Notwithstanding the history of general elections in Barbados, it is often a universal truism that many, if not most politicians, who call for clean general elections are frequently the practitioners of some of the dirtiest politics in any democratic process.
Indeed, some might argue that a clean general election is as much an oxymoron as bittersweet or a damned-saint. We human beings, brought up in various crevices of the church, for whatever periods of time, or those of us intoxicated by naïveté or a tunnel vision of the possibilities of the goodness of man, will continue to hold fast to the belief of a clean general election.
But if we must be honest with ourselves, and with our knowledge of history, instances of this phenomenon – clean general elections – are hard to find in the pages of the past. And if they can be, we aver that their infrequency gives little hope that we will witness one in our collective lifetimes. We do not attempt to be either cynical or pessimistic, but modern human history suggests that the ideal is anachronistic with the appropriate time period being anyone’s guess.
Politics and power carry high stakes. For the winner, the spoils are significant. The opportunities to make one’s place in the world and – yes- to help others are greatly magnified. For the loser, occasional impassioned, empty rhetoric, frustration and vexation are among the unwanted apparel of powerlessness one has to bear. But of course, those involved in the political process are all clean and must be seen to be clean and must call for a clean general election process. The general election must be devoid of mud-slinging, slander, lies, innuendo, impossible promises, and the like.
Writing in his The 48 Laws of Power – a holy bible to most, if not all politicians – Robert Greene suggests that those seeking power and to maintain it should always keep their hands clean: “You must seem a paragon of civility and efficiency. Your hands are never soiled by mistakes and nasty deeds. Maintain such a spotless appearance by using others as scapegoats and cat’s paws to disguise your involvement.”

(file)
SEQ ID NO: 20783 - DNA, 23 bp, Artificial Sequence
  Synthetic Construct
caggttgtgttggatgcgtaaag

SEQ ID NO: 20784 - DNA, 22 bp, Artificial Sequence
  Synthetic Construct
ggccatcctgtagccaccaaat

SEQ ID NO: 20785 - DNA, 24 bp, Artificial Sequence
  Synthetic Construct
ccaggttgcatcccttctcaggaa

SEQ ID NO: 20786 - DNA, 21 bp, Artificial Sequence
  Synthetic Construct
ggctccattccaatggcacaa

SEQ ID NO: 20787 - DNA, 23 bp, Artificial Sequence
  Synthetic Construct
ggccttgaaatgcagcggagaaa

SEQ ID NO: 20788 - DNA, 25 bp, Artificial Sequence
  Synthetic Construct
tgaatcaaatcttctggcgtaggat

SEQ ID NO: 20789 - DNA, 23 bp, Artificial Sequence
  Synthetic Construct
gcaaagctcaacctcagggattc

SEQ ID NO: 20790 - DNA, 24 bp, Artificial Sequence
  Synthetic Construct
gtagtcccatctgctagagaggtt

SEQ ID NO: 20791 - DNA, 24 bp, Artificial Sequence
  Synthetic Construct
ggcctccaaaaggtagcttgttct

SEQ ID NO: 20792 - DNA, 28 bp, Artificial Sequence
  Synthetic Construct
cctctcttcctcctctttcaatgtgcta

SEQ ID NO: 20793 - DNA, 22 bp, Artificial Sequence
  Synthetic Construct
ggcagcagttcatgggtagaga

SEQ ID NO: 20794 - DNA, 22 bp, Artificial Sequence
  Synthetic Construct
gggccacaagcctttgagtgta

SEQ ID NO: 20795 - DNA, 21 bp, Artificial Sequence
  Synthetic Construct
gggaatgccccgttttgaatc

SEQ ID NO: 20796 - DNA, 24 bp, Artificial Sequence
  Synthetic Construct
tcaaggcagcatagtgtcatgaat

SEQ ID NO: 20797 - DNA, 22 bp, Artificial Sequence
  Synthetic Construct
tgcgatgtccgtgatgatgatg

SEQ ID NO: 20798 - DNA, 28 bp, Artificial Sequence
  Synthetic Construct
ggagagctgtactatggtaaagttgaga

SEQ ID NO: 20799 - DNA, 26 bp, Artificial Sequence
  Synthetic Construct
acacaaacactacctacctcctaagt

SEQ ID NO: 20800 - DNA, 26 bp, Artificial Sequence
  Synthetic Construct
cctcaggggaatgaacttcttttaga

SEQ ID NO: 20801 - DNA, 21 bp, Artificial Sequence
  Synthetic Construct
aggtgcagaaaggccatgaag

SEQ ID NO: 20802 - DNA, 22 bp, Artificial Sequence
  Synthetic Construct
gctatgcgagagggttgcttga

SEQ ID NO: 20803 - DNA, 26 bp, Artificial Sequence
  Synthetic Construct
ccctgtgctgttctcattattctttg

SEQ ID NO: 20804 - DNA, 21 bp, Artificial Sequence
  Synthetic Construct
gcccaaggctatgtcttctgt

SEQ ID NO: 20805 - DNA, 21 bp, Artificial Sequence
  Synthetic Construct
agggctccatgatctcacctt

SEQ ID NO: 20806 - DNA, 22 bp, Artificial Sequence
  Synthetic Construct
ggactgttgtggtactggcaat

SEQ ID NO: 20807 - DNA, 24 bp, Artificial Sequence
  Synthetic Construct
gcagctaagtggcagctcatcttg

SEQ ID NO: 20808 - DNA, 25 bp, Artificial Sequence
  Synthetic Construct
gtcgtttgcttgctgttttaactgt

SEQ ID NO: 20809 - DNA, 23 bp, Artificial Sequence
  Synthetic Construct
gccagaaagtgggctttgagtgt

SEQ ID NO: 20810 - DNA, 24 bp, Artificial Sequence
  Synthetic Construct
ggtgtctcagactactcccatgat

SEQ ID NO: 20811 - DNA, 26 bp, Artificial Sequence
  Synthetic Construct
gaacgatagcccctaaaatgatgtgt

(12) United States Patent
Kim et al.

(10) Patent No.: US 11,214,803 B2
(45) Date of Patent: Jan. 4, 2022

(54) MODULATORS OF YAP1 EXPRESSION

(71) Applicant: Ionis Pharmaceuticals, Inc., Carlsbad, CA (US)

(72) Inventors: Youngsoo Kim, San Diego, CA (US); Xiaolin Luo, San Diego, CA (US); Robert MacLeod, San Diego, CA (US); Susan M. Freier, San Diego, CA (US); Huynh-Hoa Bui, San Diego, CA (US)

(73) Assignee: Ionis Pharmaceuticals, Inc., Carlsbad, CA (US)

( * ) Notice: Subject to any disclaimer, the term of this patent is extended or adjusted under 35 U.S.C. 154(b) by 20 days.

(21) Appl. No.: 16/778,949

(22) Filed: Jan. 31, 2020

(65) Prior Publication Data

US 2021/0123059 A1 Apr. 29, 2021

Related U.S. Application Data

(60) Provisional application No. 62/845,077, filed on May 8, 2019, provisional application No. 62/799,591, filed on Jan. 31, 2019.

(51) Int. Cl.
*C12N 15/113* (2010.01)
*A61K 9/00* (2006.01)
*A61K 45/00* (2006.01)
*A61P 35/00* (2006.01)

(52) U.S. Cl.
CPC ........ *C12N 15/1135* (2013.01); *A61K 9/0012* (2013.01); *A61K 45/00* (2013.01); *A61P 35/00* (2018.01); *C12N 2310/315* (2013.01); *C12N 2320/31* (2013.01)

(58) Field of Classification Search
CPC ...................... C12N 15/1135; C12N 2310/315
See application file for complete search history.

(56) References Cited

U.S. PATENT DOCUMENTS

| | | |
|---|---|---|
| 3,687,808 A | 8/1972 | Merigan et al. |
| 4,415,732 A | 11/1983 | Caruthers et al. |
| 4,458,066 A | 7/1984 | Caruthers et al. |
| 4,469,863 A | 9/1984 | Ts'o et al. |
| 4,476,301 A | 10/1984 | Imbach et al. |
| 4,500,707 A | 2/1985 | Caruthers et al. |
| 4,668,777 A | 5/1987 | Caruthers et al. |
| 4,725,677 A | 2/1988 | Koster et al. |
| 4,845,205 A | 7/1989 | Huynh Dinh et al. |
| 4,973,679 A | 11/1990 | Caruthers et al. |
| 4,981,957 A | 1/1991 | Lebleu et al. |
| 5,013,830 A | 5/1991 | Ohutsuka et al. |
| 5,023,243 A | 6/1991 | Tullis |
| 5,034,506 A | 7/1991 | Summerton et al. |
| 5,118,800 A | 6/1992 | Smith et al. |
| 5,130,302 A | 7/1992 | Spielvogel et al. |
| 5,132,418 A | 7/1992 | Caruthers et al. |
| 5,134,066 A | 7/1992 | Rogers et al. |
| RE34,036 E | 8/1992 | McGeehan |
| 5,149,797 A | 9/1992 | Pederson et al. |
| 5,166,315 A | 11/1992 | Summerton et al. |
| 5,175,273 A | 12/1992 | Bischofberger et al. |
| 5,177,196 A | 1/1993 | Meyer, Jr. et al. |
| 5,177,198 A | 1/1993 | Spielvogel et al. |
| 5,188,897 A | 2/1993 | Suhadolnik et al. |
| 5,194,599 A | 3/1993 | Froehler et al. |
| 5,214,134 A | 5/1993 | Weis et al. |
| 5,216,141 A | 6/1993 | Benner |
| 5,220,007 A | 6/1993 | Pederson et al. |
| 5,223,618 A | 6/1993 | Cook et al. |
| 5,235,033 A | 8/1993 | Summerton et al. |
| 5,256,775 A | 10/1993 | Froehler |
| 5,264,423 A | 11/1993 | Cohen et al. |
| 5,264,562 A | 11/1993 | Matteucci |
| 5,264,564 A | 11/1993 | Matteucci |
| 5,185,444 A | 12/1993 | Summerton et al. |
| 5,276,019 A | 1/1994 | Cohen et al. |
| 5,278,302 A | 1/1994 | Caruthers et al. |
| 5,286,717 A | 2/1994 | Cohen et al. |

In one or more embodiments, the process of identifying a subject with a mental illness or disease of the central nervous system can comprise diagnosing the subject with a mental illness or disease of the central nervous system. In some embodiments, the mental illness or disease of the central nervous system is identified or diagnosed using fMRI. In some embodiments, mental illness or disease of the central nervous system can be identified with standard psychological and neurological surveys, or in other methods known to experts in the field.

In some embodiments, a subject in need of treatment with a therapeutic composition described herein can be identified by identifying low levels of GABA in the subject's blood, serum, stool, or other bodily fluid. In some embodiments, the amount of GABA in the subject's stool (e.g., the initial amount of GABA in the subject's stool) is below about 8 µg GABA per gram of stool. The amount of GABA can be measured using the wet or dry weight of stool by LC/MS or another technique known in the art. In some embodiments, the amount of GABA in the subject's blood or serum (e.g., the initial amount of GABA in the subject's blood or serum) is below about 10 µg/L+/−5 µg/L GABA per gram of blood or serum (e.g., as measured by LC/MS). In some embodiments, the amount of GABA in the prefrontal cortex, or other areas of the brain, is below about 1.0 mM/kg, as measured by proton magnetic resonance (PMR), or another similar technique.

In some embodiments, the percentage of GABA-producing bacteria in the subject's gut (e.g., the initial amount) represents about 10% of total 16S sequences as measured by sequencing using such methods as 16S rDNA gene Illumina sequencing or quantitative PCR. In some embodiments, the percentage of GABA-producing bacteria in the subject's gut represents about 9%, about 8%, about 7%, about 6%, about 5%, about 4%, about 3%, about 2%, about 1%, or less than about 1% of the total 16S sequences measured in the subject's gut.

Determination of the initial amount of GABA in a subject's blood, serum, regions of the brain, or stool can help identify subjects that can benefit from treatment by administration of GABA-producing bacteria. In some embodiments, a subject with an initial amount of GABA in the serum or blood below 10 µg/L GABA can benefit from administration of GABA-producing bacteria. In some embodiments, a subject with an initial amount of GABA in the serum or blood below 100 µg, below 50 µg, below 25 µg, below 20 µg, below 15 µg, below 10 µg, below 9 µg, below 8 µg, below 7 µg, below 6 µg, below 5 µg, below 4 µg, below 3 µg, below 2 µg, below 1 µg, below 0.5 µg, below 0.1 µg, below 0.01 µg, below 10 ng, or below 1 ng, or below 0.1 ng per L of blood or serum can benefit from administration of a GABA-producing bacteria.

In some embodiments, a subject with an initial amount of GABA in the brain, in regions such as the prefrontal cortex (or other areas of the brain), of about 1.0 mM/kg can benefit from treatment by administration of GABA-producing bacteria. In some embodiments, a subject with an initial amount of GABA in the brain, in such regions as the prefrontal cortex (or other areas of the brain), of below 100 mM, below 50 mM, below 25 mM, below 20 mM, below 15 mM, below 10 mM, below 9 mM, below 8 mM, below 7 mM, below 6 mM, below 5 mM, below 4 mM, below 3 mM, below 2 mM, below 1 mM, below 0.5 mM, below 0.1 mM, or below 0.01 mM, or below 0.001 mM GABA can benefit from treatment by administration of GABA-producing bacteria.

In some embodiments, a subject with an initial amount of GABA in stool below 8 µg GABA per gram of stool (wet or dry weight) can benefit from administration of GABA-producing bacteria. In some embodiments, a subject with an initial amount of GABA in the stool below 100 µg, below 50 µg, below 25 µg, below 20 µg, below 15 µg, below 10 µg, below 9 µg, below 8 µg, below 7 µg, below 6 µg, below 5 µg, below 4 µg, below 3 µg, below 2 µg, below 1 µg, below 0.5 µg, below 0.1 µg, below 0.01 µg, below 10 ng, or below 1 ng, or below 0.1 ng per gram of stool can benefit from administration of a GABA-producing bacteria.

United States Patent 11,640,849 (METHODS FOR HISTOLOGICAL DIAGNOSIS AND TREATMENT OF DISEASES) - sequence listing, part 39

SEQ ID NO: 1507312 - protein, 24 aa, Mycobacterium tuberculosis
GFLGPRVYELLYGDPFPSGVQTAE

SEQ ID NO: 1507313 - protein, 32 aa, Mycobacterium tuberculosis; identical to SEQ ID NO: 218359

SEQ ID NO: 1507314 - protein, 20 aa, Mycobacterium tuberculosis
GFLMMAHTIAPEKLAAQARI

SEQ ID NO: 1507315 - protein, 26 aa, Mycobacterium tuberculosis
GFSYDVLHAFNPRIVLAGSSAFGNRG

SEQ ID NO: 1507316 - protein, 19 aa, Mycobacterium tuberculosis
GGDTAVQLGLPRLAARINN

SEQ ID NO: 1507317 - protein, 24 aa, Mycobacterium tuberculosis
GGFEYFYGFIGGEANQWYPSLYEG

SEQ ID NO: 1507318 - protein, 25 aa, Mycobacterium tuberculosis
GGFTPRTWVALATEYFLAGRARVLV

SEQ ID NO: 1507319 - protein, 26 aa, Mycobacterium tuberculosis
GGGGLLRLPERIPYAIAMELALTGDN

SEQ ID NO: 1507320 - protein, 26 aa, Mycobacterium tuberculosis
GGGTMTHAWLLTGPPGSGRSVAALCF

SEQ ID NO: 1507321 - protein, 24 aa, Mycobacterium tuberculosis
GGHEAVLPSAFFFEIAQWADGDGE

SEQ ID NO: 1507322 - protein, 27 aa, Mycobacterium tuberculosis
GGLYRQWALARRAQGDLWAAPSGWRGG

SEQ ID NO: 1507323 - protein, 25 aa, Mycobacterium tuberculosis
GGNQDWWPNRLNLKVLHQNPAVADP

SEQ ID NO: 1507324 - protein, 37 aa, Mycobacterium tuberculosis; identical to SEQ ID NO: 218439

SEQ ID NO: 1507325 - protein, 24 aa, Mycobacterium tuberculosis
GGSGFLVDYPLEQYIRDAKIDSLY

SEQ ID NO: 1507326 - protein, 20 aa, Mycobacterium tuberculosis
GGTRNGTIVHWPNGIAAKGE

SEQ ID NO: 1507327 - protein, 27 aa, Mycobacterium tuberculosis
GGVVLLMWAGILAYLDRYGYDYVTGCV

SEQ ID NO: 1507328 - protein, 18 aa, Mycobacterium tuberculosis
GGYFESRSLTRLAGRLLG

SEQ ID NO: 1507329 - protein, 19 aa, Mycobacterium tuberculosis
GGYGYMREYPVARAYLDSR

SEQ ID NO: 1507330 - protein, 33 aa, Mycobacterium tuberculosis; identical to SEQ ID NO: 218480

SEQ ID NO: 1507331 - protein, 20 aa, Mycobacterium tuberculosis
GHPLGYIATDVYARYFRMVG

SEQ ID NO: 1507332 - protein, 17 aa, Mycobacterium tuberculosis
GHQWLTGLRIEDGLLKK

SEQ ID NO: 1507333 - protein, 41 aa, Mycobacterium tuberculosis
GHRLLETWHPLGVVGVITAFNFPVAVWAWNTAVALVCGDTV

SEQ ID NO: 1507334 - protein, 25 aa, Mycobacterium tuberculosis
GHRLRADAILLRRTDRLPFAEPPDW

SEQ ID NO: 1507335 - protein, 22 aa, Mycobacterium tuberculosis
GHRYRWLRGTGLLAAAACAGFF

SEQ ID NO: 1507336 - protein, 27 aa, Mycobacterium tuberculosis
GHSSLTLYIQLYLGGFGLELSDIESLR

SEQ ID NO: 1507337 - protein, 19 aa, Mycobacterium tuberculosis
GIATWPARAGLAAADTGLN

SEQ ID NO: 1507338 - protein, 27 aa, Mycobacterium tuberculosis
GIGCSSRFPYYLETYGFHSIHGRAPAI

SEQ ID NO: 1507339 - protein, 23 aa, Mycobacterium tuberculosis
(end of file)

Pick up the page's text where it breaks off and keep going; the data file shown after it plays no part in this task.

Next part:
And Greene goes further in his dictates to those who would court the people in their pursuit of power. He suggests that power-seekers should play to people’s fantasies. “The truth is often avoided because it is ugly and unpleasant. Never appeal to truth and reality unless you are prepared for the anger that comes for disenchantment. Life is so harsh and distressing that people who can manufacture romance or conjure up fantasy are like oases in the desert: Everyone flocks to them. There is great power in tapping into the fantasies of the masses.”
Thus, in the imminent Barbados general election there is the virtually certain likelihood that in the midst of some reality, great fantasies will be sold by all parties and personages seeking power. It is the nature of politics. Irrespective of whatever negative social, political or economic situation that exists, everyone will have the right solution, even if all different.
We are faced with an economic situation that is affecting the lives of mostly middle and lower-income Barbadians. Access to a university education is not as easy as it once was; access to meaningful employment is not as easy as it once was; access to affordable land and housing is not as easy as it once was; the value of the dollar in supermarkets, shops, at gas stations, is not what it once was. Any politician seeking power must be able to sell the reality or the fantasy that he or she can provide an oasis in this Barbadian desert. And we will want to believe because romance is more palatable than ugliness and unpleasantness.
In our reality we are aware that political parties distribute great largesse during general elections to win. It is hidden in plain sight, we see it, and many benefit temporarily from it. Yet all of our politicians say they do not engage in the practice and they call for stricter measures to deal with a situation that no one engages in and therefore does not exist. But in truth, there is often no honest line of demarcation between the fantasy and reality of the politics they sell.
But we must still call for clean political elections. We must still believe that such is possible. We must still entertain the notion that politicians will deal only with the issues of the day. We must still believe that there is hope in what they sell. We must still believe that our politicians can indeed engineer better for us. Such is the construct of our democratic processes that our politicians are vitally important, if not omnipotent as we foolishly view them to be. And why must we believe? To do otherwise would be to consign our reality to Hobbes’ notion that we Barbadians, like mankind in general, are doomed to a life that is solitary, poor, nasty, brutish and short. We must always have hope for better.